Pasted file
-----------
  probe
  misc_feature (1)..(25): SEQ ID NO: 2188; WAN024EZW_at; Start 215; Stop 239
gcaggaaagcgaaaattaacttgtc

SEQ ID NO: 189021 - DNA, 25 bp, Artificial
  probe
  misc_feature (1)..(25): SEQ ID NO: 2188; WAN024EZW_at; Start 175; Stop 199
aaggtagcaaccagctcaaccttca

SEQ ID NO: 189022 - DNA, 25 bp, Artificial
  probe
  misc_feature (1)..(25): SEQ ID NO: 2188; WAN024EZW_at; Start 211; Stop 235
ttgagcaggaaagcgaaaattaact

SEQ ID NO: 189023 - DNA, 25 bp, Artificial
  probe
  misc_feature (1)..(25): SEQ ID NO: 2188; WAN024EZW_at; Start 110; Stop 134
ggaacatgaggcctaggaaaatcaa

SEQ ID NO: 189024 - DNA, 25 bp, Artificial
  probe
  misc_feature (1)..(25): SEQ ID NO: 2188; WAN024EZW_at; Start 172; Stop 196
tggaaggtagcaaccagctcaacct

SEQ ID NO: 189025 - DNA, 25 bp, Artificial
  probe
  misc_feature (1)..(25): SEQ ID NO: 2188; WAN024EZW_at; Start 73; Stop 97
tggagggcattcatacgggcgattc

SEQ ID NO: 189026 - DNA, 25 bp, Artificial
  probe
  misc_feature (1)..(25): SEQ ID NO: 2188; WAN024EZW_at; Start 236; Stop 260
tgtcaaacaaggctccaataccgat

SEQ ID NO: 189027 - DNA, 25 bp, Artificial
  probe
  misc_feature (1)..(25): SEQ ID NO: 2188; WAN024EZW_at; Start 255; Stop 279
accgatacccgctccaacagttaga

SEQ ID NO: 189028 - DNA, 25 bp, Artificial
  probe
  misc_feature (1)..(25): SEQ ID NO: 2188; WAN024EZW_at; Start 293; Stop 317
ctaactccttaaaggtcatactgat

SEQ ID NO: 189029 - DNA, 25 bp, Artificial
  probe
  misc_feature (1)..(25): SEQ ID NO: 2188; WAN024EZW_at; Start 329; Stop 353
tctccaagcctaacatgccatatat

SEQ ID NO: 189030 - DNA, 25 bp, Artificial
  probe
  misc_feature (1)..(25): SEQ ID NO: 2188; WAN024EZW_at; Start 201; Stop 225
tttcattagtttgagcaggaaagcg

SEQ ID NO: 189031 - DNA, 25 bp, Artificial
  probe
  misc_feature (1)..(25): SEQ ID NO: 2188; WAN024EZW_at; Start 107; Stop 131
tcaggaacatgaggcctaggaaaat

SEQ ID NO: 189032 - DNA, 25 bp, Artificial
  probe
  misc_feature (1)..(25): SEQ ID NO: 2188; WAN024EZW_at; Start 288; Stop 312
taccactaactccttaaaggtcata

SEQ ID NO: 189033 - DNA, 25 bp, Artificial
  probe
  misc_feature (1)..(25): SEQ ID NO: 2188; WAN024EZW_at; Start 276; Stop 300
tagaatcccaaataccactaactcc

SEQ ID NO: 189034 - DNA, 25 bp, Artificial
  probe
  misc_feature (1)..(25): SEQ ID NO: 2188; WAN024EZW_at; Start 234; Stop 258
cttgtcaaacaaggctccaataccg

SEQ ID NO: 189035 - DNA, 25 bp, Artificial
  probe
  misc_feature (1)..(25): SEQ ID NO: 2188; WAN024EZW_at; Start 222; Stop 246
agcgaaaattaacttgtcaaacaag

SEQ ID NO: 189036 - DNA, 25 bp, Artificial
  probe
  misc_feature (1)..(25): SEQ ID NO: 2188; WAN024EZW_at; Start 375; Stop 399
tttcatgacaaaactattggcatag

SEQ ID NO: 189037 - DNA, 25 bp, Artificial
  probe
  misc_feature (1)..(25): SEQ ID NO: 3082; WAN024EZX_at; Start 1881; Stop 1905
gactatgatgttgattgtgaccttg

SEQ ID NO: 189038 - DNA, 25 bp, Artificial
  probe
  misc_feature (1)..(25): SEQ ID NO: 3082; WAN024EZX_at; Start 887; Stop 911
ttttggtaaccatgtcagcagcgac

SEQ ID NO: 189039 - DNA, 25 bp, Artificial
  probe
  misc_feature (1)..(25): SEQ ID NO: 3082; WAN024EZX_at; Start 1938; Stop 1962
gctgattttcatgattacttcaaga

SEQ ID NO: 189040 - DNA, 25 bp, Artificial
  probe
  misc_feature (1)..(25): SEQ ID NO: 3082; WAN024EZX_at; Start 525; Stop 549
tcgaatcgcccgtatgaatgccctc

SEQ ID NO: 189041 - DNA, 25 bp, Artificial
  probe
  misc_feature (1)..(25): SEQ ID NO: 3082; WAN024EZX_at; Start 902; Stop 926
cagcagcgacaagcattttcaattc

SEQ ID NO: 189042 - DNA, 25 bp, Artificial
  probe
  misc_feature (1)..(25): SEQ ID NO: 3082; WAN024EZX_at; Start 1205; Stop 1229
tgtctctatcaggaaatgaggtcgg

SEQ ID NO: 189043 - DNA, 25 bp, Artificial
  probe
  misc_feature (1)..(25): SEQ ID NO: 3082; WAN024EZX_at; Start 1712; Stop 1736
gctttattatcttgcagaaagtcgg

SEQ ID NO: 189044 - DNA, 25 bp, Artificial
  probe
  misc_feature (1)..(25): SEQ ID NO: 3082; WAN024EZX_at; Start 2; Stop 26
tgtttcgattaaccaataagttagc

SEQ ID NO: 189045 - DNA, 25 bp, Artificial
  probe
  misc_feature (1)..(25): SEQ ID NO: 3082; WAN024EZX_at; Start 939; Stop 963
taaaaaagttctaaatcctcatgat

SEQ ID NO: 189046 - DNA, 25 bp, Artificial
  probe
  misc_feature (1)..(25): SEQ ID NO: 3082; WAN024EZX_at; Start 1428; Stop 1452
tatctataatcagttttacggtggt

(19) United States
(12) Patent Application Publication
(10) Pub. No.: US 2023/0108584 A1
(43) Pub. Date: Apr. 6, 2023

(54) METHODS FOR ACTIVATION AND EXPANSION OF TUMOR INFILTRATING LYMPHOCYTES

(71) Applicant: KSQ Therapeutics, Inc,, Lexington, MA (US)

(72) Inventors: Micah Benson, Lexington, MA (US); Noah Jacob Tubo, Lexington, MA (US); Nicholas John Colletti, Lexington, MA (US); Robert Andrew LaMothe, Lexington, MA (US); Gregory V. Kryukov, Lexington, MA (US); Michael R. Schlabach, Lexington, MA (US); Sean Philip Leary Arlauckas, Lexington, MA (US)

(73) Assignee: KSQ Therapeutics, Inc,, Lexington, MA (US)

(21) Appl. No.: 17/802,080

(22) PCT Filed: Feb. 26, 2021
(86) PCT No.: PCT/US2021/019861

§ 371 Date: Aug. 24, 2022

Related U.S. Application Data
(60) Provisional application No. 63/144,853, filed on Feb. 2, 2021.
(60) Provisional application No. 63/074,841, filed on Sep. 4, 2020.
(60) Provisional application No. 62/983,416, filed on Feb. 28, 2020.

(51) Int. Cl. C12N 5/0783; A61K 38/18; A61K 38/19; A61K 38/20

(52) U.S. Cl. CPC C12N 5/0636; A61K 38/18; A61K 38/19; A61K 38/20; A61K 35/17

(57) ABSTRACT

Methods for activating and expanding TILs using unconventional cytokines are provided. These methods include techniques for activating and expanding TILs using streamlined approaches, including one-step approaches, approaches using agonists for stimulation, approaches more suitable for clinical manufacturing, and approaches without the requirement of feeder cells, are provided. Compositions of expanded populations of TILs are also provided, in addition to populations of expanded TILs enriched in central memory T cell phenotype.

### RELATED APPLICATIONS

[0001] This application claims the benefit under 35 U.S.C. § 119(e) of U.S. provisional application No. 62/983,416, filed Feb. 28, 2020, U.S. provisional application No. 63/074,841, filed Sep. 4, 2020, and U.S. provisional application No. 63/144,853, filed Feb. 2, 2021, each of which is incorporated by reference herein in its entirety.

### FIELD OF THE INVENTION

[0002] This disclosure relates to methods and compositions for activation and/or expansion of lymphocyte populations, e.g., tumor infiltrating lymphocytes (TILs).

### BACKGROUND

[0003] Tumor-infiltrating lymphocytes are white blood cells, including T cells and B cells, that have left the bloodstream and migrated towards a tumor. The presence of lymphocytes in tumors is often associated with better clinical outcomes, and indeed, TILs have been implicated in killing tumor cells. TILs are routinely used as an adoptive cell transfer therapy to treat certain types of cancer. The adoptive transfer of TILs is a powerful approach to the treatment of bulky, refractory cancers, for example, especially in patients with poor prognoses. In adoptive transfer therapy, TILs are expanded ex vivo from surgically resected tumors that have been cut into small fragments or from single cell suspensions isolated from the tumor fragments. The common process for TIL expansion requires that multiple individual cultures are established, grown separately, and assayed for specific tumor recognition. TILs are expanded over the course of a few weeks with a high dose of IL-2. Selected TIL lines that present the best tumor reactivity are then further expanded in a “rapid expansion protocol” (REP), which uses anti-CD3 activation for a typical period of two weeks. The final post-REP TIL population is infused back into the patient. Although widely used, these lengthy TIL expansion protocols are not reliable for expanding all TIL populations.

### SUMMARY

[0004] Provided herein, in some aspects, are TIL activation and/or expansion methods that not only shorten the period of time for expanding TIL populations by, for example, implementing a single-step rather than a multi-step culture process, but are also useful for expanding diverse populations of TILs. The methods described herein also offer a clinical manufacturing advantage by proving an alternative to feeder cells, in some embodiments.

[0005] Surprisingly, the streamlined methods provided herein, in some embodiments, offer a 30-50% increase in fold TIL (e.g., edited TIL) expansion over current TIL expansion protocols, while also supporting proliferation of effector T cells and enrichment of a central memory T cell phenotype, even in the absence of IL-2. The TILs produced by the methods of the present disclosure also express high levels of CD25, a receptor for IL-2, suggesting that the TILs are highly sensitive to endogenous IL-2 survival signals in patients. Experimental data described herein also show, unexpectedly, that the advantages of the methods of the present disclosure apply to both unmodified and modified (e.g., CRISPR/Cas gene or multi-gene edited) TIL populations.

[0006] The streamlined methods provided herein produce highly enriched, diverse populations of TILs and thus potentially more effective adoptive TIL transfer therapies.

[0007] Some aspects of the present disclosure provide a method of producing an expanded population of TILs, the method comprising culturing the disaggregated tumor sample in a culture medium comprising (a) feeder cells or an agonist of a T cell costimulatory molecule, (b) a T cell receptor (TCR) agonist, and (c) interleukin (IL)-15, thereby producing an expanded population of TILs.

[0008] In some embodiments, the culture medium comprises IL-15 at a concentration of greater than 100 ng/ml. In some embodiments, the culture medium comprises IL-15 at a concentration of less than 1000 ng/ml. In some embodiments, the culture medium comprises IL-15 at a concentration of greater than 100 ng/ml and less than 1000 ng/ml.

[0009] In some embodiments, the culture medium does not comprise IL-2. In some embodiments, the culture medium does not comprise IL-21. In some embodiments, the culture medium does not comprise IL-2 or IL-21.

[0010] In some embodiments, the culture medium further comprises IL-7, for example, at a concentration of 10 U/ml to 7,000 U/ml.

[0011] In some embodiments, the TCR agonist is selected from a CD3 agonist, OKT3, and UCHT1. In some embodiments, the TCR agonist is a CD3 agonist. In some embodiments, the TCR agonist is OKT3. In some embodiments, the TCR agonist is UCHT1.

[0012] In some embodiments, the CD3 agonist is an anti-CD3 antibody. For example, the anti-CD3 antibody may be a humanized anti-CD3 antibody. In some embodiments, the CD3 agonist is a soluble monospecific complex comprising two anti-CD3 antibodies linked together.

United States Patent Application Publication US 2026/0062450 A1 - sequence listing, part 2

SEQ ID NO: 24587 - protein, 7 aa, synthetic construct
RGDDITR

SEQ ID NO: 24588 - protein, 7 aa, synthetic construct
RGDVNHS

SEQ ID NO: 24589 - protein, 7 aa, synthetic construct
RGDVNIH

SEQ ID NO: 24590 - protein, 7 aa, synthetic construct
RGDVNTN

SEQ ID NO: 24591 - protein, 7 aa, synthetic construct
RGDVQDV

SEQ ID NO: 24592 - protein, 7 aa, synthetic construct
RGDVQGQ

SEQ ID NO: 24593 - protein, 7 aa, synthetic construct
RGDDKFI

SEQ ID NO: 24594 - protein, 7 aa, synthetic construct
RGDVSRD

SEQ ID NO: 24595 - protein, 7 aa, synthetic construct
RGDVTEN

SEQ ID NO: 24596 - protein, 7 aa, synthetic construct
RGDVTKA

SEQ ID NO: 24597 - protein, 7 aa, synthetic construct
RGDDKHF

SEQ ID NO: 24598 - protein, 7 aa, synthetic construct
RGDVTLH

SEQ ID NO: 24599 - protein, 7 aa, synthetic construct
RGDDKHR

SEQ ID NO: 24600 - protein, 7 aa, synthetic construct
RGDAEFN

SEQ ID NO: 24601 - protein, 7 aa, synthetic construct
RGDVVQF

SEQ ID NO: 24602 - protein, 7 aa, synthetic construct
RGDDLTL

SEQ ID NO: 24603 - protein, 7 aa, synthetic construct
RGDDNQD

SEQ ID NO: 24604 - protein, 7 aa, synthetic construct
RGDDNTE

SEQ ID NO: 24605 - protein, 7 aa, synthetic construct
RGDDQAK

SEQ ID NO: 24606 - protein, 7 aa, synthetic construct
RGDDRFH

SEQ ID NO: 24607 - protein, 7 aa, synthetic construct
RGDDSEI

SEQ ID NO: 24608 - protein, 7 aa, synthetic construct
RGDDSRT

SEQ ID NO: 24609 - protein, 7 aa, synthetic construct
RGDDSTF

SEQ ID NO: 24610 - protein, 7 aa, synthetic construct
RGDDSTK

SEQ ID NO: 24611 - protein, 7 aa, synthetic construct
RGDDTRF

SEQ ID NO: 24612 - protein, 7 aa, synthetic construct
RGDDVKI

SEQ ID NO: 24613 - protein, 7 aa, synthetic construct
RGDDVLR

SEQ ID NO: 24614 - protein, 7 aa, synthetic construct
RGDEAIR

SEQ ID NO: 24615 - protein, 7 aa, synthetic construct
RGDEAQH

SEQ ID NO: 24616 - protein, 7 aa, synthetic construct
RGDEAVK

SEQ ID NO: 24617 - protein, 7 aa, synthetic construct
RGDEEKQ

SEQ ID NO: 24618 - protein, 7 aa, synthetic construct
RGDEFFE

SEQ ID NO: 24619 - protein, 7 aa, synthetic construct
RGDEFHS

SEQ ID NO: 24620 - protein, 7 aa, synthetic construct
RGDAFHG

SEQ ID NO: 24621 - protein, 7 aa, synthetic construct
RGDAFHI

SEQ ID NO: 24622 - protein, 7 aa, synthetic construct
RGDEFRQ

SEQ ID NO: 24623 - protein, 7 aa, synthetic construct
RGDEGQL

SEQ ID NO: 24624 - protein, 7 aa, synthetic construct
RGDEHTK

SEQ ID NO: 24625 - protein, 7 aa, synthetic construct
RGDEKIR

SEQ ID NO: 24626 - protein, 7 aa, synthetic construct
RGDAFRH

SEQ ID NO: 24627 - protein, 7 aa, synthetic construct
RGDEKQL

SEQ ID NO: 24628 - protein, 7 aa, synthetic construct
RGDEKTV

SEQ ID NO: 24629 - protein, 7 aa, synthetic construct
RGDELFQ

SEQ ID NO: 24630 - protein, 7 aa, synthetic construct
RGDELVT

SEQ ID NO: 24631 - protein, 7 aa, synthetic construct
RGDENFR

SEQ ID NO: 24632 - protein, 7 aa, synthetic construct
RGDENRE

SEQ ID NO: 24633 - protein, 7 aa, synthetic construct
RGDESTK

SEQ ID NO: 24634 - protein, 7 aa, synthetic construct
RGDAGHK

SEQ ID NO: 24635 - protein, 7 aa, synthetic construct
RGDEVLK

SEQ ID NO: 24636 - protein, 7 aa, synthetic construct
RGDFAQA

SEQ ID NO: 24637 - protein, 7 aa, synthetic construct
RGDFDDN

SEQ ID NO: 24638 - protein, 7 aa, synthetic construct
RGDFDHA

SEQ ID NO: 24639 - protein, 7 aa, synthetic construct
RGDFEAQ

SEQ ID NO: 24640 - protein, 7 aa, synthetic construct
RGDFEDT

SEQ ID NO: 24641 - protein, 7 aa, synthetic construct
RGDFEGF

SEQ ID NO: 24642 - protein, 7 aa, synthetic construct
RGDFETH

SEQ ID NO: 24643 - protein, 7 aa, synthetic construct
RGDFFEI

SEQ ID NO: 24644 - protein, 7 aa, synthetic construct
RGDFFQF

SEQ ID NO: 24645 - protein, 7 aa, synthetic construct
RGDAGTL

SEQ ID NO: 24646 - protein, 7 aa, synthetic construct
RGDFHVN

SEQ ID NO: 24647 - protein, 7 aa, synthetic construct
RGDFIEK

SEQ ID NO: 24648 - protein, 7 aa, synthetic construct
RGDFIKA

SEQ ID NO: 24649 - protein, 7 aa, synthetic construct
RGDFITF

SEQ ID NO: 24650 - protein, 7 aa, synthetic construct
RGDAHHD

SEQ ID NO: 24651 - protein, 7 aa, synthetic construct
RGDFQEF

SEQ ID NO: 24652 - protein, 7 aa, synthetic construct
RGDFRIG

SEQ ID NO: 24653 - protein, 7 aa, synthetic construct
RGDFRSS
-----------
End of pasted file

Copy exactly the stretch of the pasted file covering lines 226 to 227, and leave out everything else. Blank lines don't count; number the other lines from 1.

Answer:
RGDEKQL

SEQ ID NO: 24628 - protein, 7 aa, synthetic construct